The first nation ever to declare itself Christian has begun a year-long celebration of that event 1,700 years ago. It's a deeply spiritual occasion. Our correspondent, Emil Danielyan, says the organizers want to make it also an occasion for pulling in lots of dollars.
Yerevan, 8 January 2001 (RFE/RL) -- Armenia is celebrating the 1,700th anniversary of the Armenian nation's conversion to Christianity.
An ancient Armenian kingdom in 301 AD became the first world state to adopt Christianity as the state religion. And the Armenian Apostolic Church wants the year-long celebration that began on New Year's Eve to be an extraordinary occasion for enhancing the role of religion in public life.
But authorities are seeking also to cash in on the commemoration as a huge commercial undertaking, seizing on the occasion to attract investment in Armenia's struggling economy. The authorities also aim for worldwide publicity.
Official hopes for the festivities underlie government forecasts of an economic upswing next year that foresees output growing by an unprecedented 8 percent.
Institutions such as the World Bank have acknowledged the economic significance of the Christianity anniversary. Here's the bank's resident representative in Yerevan, Owaise Saadat, speaking recently to reporters:
"This is an opportunity for us to project Armenia's image, to tell the people who don't know about Armenia what a potential it has."
There are forecasts of a record influx of tourists -- official estimates of 150,000 to 200,000 -- with each visitor injecting at least a thousand dollars into the economy.
Local travel agencies are more cautious in their predictions but also expect a major rise in tourism. The biggest problem facing them, they say, is a lack of acceptable hotels.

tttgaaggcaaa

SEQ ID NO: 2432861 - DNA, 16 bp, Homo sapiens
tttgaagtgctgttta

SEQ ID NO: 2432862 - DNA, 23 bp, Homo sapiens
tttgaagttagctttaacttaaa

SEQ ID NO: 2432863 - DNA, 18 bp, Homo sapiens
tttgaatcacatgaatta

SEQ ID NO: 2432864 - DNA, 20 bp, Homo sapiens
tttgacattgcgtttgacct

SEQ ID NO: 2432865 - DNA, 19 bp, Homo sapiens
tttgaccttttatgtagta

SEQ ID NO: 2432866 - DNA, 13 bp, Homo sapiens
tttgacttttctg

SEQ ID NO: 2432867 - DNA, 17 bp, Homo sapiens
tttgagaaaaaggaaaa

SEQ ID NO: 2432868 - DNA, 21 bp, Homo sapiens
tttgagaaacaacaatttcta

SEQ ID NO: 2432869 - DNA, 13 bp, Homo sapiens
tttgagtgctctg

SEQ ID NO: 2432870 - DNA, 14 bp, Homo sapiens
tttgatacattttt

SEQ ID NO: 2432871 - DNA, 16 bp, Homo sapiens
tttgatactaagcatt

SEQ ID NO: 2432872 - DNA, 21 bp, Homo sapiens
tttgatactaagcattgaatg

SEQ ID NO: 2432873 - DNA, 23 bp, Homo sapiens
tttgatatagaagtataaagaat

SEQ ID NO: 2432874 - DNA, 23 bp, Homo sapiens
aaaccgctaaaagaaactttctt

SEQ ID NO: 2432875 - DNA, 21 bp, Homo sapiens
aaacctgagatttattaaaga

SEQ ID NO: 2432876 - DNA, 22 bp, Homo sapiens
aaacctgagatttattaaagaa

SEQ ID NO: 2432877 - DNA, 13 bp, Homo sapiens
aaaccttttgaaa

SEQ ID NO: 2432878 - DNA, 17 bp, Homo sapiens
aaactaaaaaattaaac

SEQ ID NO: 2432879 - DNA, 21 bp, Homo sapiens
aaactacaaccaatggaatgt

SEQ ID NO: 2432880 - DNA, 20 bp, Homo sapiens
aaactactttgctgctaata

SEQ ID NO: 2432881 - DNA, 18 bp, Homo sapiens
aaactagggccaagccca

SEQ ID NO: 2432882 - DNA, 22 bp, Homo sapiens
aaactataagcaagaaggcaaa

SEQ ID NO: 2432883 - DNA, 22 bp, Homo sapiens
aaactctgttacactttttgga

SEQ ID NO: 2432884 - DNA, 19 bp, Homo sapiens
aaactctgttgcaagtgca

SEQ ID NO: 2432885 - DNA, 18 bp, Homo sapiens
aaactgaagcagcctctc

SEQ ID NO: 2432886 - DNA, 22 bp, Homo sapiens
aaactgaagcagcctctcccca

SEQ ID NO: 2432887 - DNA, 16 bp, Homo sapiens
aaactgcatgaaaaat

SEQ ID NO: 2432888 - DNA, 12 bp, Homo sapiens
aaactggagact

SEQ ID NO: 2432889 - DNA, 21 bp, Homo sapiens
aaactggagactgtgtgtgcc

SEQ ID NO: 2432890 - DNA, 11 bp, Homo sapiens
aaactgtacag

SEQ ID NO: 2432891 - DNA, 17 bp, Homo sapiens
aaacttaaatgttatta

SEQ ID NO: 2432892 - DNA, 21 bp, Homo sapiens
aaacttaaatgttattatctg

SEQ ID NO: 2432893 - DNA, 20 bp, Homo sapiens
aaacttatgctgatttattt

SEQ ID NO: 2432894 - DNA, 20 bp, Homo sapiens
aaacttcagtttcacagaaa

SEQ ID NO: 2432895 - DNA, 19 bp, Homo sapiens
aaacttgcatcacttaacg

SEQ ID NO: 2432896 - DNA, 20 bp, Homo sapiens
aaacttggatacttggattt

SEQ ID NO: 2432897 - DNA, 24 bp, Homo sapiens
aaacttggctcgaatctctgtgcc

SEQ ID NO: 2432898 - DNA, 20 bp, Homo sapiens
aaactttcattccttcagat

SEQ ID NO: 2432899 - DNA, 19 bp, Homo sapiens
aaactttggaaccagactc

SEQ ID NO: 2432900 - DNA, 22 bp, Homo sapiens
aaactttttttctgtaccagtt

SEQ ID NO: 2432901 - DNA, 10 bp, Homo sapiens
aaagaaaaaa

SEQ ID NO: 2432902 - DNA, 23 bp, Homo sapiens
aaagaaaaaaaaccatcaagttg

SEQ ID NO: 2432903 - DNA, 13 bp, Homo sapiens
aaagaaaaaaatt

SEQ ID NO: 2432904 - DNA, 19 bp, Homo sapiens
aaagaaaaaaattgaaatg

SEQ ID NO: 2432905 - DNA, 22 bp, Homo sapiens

Anahit Papazian is a senior executive at the Levon Travel agency.
"I'm not sure we are prepared to accommodate so many people. First of all, we don't have enough hotel beds. We are struggling to make reservations for our customers due in 2001."
Papazian says that ethnic Armenians, mostly diaspora Armenians from Europe and the United States, comprise the greatest market potential for visitors to Armenia.
"Unfortunately, the influx of tourists to Armenia has a strictly ethnic character. We haven't yet been able to arouse Westerners' interest. Very few of them come to Armenia."
Apres Zohrabian, a manager at the Sati Armenia company, which specializes in sightseeing tours for foreigners, says the demand for hotels is now three times the supply. He said prices at a handful of Yerevan hotels meeting international standards have shot up by 30 percent as a result.
The tourist industry hopes that a number of hotels under construction with completion dates set for next May will help. This promises, however, only a partial solution. The authorities plan to accommodate a large share of the expected visitors in private apartments available for rent.
Armenian President Robert Kocharian headed a state commission that developed a timetable of special events to include religious ceremonies, festivals, theatrical shows, and concerts. The celebrations are to reach their climax in September with the opening of a new huge cathedral in the capital, Yerevan. The organizers have invited Pope John Paul to the opening, and report that the Vatican has tentatively accepted.
The head of the Armenian Church, Catholicos Garegin, says he hopes that the 1,700th anniversary not only will expose Armenia's Christian identity to the outside world but also return religion to the day-to-day life of Armenians who lost touch with many Christian rites and traditions during 70 years of Soviet rule.
But that is not what primarily preoccupies the country's secular authorities. Khosrov Harutiunian, deputy chairman of the organizing commission, met at year's end with leading businessmen to discuss commercial participation.
The commission offers licenses for local manufacturers to adopt the official logo of the celebrations. A brewery in Yerevan has expressed interest in placing it on its labels. The organizers also envisage advertising space in official booklets and travel guides to be circulated abroad. An aide to the Armenian minister of industry and trade has urged export-oriented firms to seize on the opportunity to market their products.
The government has obtained $22 million from two Armenian- American charities to upgrade Armenian tourist infrastructure. The grants are being mainly spent on the repair of roads and bridges leading to medieval churches and monasteries.